Fukushima Revival Art

Fukushima Revival Art

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On March 23, 2014 my artwork was featured at the Fukushima Revival festival in the city of Koriyama in Fukushima prefecture, Japan. The event was organized and sponsored by the Fukushima Tourist Association and Fukushima Cho TV. The festival is meant to bring the Fukushima community together, as they heal from the earthquake and tsunami of 2011, and the ongoing disaster at the Fukushima Daiichi nuclear power plant. My agent in Tokyo and I had been working with Fukushima Cho TV for a few years before the disaster, but after we found that my artwork could be used to give hope and cheer to a devastated area. For the 2014 event they asked me to design a billboard sized poster showing the Miharu Takizakura, the huge ancient cherry blossom tree that lives in the village of Miharu. I visited the tree in November or 2014, and made some sketches.

At the festival participants were given cherry blossom shaped stickers to write a message on, and then the blossoms were attached to the artwork. Here is a photo of the process:

Scene of the Fukushima Revival Festival 2014
Working together the Fukushima Revival Festival 2014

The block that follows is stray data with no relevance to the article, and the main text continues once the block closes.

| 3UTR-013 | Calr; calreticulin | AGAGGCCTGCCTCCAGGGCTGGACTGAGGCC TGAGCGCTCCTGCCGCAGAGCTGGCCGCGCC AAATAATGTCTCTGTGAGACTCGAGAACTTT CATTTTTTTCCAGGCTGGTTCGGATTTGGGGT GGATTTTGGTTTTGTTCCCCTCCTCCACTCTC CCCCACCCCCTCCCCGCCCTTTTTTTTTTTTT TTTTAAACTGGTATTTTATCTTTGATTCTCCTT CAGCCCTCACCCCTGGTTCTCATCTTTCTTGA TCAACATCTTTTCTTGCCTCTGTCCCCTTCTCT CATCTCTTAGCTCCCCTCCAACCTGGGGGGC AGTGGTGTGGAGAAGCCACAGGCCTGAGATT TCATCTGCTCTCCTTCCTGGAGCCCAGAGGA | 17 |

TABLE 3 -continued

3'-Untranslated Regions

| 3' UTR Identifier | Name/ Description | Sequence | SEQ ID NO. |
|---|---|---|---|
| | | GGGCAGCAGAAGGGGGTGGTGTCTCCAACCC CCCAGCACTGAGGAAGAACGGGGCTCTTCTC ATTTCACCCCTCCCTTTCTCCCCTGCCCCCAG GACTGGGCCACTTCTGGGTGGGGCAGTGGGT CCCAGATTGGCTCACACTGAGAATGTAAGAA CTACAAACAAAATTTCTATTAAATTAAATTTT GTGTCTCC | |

I’m really sorry I was not able to attend, because it looks like fun. There were many other activities. Here you can see kids and mothers working on the cherry blossom stickers. A total of around 1600 stickers were placed on the tree

Scene of the Fukushima Revival Festival 2014
Decorating stickers of the Fukushima Revival Festival 2014

A cheer for Fukushima. All of us on this world who use electricity should look closely at the continuing un-natural problems in Fukushima caused by the natural disaster. Nuclear power plants make nice cheap electricity, but when they fail, the cost is much much higher. Higher than the cost of designing and building sustainable energy sources. Three years after the earthquake, the plant is not completely stabilized, and nearly 80,000 residents are still unable to return to their towns. As of this writing a few hundred have been given permission to return to towns inside the edge of the evacuation area, but it is a risky choice. In my opinion Fukushima is one of the most important places on earth, because it is an example of a future that anyone who lives near a nuclear power plant may face.

Scene of the Fukushima Revival Festival 2014
Rock on Fukushima!
Scene of the Fukushima Revival Festival 2014
Scene of the Fukushima Revival Festival 2014

 

 

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